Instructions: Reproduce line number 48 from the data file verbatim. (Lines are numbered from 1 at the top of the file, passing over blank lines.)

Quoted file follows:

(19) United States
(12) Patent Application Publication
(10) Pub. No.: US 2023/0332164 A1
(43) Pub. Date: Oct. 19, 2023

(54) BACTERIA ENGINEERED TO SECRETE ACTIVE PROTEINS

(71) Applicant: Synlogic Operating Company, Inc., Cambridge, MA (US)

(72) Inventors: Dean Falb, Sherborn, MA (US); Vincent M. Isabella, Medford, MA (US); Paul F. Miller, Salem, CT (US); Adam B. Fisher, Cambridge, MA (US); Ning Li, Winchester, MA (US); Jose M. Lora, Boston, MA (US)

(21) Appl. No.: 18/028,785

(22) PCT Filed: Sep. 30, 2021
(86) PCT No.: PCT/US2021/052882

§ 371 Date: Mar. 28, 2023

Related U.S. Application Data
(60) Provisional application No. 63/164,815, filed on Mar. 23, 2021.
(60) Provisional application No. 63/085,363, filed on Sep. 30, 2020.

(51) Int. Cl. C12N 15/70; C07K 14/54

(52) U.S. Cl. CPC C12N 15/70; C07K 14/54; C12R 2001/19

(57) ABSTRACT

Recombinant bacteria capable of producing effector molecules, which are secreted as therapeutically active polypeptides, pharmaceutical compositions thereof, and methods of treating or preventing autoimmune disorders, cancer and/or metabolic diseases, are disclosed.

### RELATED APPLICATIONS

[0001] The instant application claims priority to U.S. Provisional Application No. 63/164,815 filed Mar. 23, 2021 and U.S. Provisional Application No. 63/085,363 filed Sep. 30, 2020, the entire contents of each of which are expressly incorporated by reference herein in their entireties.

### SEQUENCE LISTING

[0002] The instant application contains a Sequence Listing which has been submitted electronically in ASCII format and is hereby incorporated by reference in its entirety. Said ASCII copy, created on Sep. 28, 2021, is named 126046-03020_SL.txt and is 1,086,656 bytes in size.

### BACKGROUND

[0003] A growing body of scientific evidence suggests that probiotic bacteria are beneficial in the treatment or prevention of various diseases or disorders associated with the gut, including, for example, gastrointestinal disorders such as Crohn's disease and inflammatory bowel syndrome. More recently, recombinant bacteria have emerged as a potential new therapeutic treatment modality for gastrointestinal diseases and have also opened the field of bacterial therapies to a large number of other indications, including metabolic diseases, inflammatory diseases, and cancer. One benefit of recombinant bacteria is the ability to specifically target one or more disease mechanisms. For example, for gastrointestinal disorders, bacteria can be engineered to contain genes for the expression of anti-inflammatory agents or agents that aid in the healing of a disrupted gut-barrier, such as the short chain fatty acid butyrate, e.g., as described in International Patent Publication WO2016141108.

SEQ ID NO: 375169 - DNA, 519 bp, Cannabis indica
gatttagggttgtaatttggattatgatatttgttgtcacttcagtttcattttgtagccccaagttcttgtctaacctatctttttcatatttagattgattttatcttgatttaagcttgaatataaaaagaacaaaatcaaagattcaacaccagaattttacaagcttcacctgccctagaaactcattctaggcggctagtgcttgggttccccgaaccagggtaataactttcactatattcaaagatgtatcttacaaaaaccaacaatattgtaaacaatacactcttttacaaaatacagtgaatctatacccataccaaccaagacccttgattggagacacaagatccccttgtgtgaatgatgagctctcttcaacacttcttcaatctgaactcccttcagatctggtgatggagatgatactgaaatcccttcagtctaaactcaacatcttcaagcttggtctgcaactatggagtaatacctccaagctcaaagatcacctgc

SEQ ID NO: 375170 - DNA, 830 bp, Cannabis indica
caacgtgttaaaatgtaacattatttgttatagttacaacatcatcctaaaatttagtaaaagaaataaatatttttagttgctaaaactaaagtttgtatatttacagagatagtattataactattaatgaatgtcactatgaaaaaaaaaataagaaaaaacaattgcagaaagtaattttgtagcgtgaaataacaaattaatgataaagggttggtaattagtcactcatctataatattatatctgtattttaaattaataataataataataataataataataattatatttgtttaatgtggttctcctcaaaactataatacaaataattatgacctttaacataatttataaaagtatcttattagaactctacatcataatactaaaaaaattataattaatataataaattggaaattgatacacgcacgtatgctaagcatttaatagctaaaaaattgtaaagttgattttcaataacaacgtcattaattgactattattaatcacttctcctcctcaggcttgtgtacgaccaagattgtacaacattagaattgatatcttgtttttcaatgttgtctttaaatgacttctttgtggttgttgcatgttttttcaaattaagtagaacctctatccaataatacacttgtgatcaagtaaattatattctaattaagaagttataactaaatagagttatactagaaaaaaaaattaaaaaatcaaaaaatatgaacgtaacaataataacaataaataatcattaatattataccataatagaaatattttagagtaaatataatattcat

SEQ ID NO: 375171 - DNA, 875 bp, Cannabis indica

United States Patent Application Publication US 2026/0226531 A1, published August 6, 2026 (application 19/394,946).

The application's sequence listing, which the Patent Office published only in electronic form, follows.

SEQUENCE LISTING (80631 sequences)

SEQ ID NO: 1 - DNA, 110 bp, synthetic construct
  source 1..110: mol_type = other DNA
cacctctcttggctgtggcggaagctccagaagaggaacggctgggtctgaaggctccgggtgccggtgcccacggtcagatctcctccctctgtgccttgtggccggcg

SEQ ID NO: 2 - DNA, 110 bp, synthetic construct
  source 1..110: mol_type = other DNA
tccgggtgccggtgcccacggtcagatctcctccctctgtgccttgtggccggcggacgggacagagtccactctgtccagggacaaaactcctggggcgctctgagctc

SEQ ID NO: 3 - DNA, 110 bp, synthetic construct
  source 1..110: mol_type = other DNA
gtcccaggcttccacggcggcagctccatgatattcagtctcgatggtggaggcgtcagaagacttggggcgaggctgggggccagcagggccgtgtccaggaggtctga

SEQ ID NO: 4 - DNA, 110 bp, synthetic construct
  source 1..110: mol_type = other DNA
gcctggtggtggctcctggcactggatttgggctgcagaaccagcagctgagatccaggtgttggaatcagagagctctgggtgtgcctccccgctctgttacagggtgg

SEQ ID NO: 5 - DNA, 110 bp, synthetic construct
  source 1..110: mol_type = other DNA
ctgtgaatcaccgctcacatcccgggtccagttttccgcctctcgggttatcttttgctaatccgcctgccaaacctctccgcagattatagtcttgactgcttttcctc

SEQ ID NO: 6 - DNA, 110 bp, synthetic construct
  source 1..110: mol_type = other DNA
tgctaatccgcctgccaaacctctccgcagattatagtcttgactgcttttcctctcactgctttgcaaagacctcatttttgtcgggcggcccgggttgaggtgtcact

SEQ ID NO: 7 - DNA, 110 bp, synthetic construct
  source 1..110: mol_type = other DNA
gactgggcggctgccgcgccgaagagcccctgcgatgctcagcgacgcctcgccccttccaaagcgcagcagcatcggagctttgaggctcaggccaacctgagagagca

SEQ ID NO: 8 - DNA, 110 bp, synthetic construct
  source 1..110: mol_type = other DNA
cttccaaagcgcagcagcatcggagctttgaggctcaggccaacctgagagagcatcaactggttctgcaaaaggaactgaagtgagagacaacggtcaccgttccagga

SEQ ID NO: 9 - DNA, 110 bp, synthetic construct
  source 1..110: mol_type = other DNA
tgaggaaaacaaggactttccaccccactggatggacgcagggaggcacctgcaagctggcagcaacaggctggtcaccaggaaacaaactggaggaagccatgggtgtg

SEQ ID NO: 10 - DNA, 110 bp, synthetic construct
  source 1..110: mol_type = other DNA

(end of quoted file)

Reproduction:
SEQ ID NO: 6 - DNA, 110 bp, synthetic construct